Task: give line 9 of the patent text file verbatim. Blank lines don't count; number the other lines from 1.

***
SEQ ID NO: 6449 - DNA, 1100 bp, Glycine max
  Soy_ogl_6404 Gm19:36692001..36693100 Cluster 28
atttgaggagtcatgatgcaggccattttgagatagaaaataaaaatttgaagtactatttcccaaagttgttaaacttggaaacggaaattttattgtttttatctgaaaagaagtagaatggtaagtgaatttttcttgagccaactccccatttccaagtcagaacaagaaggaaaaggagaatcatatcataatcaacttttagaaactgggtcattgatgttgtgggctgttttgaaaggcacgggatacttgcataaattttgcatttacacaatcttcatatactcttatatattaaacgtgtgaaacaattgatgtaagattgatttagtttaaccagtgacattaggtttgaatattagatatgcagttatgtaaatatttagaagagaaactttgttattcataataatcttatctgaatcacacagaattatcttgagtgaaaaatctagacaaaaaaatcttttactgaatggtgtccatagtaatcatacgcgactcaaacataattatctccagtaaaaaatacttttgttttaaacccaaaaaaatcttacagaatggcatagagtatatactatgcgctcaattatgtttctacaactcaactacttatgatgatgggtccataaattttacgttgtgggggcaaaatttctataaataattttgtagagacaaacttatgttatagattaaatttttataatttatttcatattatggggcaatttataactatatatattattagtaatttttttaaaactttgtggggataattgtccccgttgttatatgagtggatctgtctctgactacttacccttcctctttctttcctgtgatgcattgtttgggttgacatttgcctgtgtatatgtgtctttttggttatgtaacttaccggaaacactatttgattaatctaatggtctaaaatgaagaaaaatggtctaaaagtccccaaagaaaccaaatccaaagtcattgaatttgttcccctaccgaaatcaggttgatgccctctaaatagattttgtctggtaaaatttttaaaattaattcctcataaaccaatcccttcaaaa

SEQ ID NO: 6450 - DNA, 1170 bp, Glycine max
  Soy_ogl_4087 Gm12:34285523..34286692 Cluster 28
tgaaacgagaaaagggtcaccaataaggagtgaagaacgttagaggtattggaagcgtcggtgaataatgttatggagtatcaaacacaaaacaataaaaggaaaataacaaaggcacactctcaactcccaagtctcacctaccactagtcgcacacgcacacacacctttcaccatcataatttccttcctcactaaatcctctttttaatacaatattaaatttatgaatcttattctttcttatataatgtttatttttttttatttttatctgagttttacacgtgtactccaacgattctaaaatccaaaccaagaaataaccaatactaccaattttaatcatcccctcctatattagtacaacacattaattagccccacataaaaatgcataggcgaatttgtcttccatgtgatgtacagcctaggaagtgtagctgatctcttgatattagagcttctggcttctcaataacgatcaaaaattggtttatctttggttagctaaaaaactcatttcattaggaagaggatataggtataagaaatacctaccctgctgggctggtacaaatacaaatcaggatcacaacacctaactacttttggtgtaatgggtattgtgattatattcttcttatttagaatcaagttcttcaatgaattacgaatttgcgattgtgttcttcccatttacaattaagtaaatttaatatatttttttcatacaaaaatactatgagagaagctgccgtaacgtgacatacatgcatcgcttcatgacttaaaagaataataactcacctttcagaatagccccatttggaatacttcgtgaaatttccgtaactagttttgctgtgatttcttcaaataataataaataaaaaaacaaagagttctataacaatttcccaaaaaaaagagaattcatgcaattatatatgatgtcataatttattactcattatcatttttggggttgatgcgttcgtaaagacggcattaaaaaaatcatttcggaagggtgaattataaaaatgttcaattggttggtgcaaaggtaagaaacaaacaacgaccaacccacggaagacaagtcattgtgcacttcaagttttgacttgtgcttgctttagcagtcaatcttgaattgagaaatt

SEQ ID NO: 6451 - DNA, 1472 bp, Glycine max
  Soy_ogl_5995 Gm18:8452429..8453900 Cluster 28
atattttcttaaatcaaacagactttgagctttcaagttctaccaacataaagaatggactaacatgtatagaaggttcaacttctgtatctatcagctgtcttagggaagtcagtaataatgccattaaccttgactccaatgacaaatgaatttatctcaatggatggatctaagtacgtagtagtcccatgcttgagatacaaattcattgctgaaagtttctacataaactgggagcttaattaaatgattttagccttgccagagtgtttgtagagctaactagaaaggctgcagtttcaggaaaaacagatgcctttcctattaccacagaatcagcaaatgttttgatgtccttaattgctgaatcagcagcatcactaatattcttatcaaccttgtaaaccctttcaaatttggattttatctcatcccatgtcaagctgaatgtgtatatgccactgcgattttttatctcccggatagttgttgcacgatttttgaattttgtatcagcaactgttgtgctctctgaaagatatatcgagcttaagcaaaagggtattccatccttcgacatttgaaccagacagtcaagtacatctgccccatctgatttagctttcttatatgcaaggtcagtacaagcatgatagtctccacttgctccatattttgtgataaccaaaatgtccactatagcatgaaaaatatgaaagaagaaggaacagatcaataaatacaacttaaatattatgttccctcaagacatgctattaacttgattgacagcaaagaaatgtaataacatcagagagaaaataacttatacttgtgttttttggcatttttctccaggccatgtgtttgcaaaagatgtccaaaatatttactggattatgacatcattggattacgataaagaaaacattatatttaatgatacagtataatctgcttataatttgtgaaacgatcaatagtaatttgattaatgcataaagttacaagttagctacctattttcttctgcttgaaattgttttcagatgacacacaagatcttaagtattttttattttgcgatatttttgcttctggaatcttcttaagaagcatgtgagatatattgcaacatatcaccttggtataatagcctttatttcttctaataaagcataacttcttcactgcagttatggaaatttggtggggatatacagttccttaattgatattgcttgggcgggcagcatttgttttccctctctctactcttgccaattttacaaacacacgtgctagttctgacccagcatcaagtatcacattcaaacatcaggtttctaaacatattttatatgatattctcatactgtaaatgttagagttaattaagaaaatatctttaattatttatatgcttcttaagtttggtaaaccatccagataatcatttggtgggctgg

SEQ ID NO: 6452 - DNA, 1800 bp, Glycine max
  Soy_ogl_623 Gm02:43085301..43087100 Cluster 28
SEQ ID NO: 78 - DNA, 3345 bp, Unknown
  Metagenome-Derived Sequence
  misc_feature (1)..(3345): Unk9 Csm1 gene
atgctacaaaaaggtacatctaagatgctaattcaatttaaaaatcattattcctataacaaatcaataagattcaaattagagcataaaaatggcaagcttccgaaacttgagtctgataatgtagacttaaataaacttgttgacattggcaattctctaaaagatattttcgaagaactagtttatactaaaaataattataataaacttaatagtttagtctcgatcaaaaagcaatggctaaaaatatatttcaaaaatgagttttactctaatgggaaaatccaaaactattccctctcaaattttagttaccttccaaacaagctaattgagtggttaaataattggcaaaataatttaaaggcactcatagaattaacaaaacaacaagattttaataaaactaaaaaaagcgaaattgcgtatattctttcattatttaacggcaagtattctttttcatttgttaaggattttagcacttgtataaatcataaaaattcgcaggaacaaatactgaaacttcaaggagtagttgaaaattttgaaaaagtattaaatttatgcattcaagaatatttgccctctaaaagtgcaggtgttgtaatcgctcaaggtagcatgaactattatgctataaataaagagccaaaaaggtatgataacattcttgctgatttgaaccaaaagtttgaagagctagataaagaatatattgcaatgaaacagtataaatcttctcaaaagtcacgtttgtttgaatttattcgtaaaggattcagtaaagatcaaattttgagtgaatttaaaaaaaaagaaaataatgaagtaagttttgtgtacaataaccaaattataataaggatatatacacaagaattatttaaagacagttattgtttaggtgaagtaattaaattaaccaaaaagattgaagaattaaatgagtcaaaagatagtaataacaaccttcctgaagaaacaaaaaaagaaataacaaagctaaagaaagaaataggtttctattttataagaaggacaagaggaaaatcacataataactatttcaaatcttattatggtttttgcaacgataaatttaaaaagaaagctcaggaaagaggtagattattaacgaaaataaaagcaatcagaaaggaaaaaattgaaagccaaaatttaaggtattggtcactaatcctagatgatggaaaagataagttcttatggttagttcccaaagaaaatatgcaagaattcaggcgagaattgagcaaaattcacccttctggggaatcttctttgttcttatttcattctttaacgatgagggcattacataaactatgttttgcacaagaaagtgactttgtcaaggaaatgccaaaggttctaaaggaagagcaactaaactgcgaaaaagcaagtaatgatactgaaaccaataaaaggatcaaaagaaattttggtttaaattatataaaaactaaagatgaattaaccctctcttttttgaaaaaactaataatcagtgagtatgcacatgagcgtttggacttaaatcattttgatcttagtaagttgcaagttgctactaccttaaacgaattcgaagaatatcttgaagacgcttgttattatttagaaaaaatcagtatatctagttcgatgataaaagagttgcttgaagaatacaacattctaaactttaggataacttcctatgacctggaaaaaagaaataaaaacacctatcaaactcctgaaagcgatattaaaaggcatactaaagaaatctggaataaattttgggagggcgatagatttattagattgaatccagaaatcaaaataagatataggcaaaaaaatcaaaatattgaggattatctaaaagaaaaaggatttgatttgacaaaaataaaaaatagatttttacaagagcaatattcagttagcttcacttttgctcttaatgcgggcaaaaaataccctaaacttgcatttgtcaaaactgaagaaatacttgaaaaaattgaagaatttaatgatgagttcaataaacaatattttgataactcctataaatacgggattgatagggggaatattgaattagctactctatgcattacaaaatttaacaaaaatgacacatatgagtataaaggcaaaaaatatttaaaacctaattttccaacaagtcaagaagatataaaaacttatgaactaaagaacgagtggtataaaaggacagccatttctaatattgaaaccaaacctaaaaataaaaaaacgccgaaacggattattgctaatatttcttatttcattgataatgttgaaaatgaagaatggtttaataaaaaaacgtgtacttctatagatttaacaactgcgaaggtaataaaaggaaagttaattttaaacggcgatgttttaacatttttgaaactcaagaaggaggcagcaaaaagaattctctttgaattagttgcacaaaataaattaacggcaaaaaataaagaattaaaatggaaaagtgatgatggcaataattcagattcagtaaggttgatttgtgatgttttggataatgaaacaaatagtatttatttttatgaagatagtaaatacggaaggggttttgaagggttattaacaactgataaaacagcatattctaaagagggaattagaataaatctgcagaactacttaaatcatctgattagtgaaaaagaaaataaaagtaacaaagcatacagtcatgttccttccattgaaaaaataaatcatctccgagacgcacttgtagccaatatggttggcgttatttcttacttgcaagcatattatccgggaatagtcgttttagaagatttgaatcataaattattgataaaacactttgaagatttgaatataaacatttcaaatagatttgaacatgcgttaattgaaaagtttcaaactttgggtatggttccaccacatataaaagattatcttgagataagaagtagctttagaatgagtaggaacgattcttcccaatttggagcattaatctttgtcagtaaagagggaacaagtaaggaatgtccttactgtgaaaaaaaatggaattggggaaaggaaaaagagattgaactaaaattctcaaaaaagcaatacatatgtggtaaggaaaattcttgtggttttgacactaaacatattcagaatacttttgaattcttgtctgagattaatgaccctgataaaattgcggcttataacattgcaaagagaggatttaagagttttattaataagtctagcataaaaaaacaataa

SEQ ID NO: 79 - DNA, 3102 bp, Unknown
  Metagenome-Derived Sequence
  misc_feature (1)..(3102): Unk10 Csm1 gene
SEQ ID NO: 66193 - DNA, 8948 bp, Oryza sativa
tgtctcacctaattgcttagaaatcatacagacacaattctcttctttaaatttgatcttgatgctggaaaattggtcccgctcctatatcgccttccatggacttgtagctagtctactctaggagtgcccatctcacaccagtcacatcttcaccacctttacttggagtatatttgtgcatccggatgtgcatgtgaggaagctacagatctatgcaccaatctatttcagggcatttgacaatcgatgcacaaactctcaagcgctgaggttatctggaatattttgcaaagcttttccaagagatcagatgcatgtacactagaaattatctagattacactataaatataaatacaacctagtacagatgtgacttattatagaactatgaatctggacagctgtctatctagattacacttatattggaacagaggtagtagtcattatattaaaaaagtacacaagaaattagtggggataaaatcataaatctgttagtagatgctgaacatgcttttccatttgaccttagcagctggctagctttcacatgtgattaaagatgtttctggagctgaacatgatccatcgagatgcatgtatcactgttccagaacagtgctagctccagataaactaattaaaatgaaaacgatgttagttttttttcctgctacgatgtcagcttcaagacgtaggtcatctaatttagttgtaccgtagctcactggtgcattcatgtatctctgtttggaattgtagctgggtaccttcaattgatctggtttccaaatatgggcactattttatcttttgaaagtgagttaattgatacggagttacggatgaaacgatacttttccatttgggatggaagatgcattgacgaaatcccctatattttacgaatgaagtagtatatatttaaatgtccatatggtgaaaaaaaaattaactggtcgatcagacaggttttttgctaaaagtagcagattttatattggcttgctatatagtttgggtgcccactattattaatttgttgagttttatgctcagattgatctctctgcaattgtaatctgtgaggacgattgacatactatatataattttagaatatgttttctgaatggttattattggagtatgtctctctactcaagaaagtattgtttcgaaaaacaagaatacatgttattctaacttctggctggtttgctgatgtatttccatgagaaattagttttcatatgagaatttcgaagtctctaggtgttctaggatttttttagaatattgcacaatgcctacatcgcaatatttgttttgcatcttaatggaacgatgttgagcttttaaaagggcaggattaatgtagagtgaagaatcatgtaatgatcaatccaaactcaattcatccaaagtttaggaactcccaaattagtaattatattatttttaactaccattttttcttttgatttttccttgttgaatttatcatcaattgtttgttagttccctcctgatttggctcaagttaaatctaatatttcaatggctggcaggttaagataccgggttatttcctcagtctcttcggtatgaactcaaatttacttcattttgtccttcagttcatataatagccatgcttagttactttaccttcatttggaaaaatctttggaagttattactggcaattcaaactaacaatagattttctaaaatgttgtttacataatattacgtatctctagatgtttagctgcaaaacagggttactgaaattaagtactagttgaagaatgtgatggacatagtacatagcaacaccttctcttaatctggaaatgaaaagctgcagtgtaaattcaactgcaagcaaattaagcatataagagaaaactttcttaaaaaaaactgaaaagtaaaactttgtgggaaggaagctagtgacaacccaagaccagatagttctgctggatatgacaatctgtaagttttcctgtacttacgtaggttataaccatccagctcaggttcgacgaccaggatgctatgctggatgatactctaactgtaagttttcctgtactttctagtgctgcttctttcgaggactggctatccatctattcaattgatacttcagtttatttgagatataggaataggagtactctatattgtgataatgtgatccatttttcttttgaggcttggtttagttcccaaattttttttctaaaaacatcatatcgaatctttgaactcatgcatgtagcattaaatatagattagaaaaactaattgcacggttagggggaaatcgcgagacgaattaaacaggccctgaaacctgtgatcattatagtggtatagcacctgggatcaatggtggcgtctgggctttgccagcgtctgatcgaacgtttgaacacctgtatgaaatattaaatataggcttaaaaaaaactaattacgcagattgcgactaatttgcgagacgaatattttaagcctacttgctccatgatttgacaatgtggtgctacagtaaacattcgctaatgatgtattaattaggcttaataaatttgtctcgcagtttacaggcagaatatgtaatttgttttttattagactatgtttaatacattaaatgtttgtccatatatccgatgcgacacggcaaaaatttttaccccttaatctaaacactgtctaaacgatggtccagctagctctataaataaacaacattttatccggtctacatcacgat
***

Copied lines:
atattttcttaaatcaaacagactttgagctttcaagttctaccaacataaagaatggactaacatgtatagaaggttcaacttctgtatctatcagctgtcttagggaagtcagtaataatgccattaaccttgactccaatgacaaatgaatttatctcaatggatggatctaagtacgtagtagtcccatgcttgagatacaaattcattgctgaaagtttctacataaactgggagcttaattaaatgattttagccttgccagagtgtttgtagagctaactagaaaggctgcagtttcaggaaaaacagatgcctttcctattaccacagaatcagcaaatgttttgatgtccttaattgctgaatcagcagcatcactaatattcttatcaaccttgtaaaccctttcaaatttggattttatctcatcccatgtcaagctgaatgtgtatatgccactgcgattttttatctcccggatagttgttgcacgatttttgaattttgtatcagcaactgttgtgctctctgaaagatatatcgagcttaagcaaaagggtattccatccttcgacatttgaaccagacagtcaagtacatctgccccatctgatttagctttcttatatgcaaggtcagtacaagcatgatagtctccacttgctccatattttgtgataaccaaaatgtccactatagcatgaaaaatatgaaagaagaaggaacagatcaataaatacaacttaaatattatgttccctcaagacatgctattaacttgattgacagcaaagaaatgtaataacatcagagagaaaataacttatacttgtgttttttggcatttttctccaggccatgtgtttgcaaaagatgtccaaaatatttactggattatgacatcattggattacgataaagaaaacattatatttaatgatacagtataatctgcttataatttgtgaaacgatcaatagtaatttgattaatgcataaagttacaagttagctacctattttcttctgcttgaaattgttttcagatgacacacaagatcttaagtattttttattttgcgatatttttgcttctggaatcttcttaagaagcatgtgagatatattgcaacatatcaccttggtataatagcctttatttcttctaataaagcataacttcttcactgcagttatggaaatttggtggggatatacagttccttaattgatattgcttgggcgggcagcatttgttttccctctctctactcttgccaattttacaaacacacgtgctagttctgacccagcatcaagtatcacattcaaacatcaggtttctaaacatattttatatgatattctcatactgtaaatgttagagttaattaagaaaatatctttaattatttatatgcttcttaagtttggtaaaccatccagataatcatttggtgggctgg